% dmesg | grep memory
real memory  = 335462400 (319 MB)
avail memory = 320864256 (306 MB)

Also check that your kernel configuration file contains device md (or memory disk). The GENERIC kernel does; if you've customized your kernel, double-check that you still have md support:

% grep -w md /usr/src/sys/i386/conf/CUSTOM

device        md    # Memory "disks"

Changing the /tmp line in /etc/fstab as follows will mount a 64 MB /tmp in RAM:

md /tmp mfs rw,-s64m 0 0

Next, unmount /tmp (which is currently mounted on your hard drive) and remount it using the new entry in /etc/fstab:

# umount /tmp
# mount /tmp

# df -h /tmp
Filesystem    Size   Used  Avail Capacity  Mounted on
/dev/md0       63M   8.0K    58M     0%    /tmp

Notice that the filesystem is now md0, the first memory disk, instead of ad0s1e, a partition on the first IDE hard drive.

Creating a Swap File on Disk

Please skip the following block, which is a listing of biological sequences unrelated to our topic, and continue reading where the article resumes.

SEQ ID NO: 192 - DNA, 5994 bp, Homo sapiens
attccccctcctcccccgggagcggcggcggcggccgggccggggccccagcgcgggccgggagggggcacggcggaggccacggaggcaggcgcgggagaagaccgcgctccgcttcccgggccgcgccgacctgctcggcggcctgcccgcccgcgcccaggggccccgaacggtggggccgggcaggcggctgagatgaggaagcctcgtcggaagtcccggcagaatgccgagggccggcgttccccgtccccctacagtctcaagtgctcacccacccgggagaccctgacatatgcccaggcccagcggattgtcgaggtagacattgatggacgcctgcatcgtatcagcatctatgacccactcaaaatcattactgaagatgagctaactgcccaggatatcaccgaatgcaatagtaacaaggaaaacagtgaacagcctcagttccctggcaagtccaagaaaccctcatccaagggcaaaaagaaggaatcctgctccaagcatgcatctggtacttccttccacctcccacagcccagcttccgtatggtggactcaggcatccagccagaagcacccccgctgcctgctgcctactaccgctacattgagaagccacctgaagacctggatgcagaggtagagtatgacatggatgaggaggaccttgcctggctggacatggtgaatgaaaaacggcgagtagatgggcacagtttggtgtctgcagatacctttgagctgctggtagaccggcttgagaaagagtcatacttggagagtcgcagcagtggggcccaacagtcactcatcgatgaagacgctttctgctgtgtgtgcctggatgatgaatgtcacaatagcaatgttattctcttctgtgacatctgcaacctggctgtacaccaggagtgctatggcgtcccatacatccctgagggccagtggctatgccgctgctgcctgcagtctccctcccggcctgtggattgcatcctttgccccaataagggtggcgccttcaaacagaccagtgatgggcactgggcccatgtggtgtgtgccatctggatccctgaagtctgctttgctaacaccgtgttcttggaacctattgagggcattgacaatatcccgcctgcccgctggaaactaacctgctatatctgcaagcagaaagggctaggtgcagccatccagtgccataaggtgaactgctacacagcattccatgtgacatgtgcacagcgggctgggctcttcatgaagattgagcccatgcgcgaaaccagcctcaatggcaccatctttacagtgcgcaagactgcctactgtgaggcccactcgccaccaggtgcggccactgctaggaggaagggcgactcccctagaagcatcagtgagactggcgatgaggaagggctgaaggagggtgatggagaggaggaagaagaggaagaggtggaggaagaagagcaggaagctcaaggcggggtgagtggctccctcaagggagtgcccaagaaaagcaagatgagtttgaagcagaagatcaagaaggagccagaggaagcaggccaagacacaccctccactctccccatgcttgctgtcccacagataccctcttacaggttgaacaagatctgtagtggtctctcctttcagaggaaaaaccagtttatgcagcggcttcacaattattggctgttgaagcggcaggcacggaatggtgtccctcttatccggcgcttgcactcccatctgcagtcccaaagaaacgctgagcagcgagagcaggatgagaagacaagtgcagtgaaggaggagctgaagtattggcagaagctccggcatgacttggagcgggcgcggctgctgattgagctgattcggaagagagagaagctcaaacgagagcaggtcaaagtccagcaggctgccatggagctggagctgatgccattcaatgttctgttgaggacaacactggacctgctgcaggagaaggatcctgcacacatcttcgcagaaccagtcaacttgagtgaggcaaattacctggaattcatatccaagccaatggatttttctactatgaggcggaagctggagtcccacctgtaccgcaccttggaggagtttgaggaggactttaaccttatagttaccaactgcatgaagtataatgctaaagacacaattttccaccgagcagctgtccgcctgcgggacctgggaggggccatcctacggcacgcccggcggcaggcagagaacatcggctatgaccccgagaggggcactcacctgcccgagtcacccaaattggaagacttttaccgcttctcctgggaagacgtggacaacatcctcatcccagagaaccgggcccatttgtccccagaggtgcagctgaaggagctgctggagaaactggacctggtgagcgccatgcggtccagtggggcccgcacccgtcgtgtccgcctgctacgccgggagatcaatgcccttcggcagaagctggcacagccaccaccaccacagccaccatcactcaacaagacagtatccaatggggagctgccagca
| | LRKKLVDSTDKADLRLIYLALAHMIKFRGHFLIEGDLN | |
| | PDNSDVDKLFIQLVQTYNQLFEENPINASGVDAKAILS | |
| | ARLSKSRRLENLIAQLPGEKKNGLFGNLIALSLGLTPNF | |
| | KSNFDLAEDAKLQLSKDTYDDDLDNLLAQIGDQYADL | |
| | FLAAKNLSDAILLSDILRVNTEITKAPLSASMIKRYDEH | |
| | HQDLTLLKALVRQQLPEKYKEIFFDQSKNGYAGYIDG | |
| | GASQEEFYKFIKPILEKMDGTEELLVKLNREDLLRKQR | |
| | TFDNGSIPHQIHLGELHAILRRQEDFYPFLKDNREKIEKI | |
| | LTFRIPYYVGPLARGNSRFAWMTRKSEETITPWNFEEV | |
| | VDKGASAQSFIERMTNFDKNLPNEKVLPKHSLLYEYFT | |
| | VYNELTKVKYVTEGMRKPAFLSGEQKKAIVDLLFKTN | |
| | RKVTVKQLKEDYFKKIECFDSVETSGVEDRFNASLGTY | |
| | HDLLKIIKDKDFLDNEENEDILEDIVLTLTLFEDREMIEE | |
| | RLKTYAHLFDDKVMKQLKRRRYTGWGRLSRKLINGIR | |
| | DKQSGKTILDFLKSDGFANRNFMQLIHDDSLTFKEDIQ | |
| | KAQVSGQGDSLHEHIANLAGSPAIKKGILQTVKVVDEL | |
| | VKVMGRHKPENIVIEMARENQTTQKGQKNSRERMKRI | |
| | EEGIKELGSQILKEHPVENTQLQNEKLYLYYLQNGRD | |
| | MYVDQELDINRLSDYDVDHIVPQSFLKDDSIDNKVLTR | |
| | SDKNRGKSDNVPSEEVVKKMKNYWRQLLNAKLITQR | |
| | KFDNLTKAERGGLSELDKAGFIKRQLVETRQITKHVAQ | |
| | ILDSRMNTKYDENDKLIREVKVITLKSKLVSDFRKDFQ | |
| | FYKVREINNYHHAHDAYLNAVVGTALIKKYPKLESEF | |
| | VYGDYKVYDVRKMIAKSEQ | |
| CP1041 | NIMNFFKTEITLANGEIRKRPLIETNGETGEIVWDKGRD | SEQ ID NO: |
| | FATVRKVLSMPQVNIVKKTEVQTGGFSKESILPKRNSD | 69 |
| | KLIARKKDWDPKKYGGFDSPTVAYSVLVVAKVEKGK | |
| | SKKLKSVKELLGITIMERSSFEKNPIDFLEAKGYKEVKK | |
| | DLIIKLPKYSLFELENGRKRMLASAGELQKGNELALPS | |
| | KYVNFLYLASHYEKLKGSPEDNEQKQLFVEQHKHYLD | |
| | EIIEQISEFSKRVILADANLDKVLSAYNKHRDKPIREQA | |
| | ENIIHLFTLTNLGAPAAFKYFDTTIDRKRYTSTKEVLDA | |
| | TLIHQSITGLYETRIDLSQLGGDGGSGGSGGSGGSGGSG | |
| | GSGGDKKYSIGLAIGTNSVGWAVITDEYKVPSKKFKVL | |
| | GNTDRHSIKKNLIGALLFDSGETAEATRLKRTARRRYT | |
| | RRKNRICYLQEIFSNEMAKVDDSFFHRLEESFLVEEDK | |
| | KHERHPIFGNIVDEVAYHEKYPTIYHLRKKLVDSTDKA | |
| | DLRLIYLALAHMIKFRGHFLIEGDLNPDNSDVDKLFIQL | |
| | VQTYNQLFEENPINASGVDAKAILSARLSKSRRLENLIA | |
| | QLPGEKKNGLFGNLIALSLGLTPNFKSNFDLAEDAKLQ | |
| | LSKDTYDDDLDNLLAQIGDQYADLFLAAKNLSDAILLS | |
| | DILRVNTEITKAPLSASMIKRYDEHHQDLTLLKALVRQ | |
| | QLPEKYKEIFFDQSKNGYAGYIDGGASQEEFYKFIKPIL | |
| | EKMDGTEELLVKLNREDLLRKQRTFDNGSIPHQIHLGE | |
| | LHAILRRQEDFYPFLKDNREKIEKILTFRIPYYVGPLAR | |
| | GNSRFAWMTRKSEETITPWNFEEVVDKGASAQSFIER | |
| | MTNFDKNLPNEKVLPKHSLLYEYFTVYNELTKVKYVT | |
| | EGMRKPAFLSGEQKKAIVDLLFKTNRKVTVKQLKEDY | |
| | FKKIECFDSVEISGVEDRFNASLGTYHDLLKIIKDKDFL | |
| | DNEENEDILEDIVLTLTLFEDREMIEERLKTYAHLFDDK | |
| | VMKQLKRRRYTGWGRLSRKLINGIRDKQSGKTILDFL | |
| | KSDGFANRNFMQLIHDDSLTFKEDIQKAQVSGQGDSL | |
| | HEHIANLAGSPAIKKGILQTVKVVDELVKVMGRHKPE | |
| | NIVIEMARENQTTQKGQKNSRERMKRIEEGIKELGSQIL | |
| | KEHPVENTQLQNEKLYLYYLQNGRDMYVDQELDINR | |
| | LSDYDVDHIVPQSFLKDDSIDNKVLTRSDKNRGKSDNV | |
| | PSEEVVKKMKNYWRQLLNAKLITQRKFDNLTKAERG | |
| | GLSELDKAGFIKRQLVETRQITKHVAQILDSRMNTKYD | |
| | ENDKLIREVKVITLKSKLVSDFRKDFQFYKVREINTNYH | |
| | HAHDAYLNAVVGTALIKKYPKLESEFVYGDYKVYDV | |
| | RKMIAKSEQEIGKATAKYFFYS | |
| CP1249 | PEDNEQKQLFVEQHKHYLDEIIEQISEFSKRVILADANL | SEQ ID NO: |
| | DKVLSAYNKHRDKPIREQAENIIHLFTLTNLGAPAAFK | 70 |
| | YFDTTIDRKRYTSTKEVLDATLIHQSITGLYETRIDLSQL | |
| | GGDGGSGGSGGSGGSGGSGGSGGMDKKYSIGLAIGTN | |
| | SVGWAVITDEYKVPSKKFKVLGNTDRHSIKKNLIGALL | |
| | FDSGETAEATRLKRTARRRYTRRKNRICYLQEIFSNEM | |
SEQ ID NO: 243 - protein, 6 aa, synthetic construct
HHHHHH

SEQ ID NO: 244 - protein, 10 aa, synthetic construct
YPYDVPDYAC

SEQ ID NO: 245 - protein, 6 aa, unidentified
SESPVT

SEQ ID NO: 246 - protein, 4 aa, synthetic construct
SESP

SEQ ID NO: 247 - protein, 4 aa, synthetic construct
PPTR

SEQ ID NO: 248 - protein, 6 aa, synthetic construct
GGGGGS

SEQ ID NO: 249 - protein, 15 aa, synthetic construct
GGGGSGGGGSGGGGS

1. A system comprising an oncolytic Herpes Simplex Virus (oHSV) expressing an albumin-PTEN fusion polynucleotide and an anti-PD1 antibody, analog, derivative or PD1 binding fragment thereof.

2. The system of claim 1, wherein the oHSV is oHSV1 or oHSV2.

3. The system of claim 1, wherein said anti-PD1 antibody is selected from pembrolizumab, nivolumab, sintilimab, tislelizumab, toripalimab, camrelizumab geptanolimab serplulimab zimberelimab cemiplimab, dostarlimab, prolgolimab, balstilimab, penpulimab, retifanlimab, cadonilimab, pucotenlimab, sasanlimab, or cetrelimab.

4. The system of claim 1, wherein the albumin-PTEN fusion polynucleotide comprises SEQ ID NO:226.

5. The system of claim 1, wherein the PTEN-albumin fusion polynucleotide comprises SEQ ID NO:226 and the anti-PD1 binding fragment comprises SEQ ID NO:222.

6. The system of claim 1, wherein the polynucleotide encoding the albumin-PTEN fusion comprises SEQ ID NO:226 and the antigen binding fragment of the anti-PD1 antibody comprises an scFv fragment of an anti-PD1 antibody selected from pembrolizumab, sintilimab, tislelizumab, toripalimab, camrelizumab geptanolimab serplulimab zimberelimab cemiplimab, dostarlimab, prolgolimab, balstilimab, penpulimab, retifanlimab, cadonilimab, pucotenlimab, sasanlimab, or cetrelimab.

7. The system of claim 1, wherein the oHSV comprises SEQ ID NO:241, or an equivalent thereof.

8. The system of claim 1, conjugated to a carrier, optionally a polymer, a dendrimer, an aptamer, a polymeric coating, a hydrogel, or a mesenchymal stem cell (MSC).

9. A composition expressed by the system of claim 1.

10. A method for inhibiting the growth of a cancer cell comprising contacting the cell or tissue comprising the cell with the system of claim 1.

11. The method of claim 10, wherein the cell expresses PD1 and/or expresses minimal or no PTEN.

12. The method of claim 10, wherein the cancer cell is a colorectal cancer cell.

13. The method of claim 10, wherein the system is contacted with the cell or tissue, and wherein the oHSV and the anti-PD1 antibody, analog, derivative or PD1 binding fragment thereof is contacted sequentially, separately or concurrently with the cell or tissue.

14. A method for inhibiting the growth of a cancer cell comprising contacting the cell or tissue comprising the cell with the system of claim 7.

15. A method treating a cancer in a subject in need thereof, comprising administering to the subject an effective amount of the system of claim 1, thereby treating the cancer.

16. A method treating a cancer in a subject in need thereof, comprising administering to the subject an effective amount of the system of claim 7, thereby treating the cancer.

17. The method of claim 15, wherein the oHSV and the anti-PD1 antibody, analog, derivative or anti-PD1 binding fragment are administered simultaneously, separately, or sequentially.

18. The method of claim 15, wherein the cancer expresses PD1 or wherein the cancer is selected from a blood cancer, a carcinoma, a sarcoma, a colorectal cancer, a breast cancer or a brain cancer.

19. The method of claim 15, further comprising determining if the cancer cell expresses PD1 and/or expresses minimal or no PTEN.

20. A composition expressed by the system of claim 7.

Swap is different than /tmp. It's not a storage area for temporary files; instead, it is an area where the filesystem swaps data between RAM and disk. A sufficient swap size can greatly increase the performance of your filesystem. Also, if your system contains multiple drives, this swapping process will be much more efficient if each drive has its own swap partition.

The initial install created a swap filesystem for you:

% grep swap /etc/fstab
/dev/ad0s1b    none     swap    sw    0    0

% swapinfo

Device          1K-blocks     Used    Avail Capacity  Type
/dev/ad0s1b        639688       68   639620     0%    Interleaved

Note that the swapinfo command displays the size of your swap files. If you prefer to see that output in MB, try the swapctl command with the -lh flags (which make the listing more human):

% swapctl -lh
Device:       1048576-blocks      Used:
/dev/ad0s1b          624          0

To add a swap area, first determine which area of disk space to use. For example, you may want to place a 128 MB swapfile on /usr. You'll first need to use dd to create this as a file full of null (or zero) bytes. Here I'll create a 128 MB swapfile as /usr/swap0:

# dd if=/dev/zero of=/usr/swap0 bs=1024k count=128

128+0 records in
128+0 records out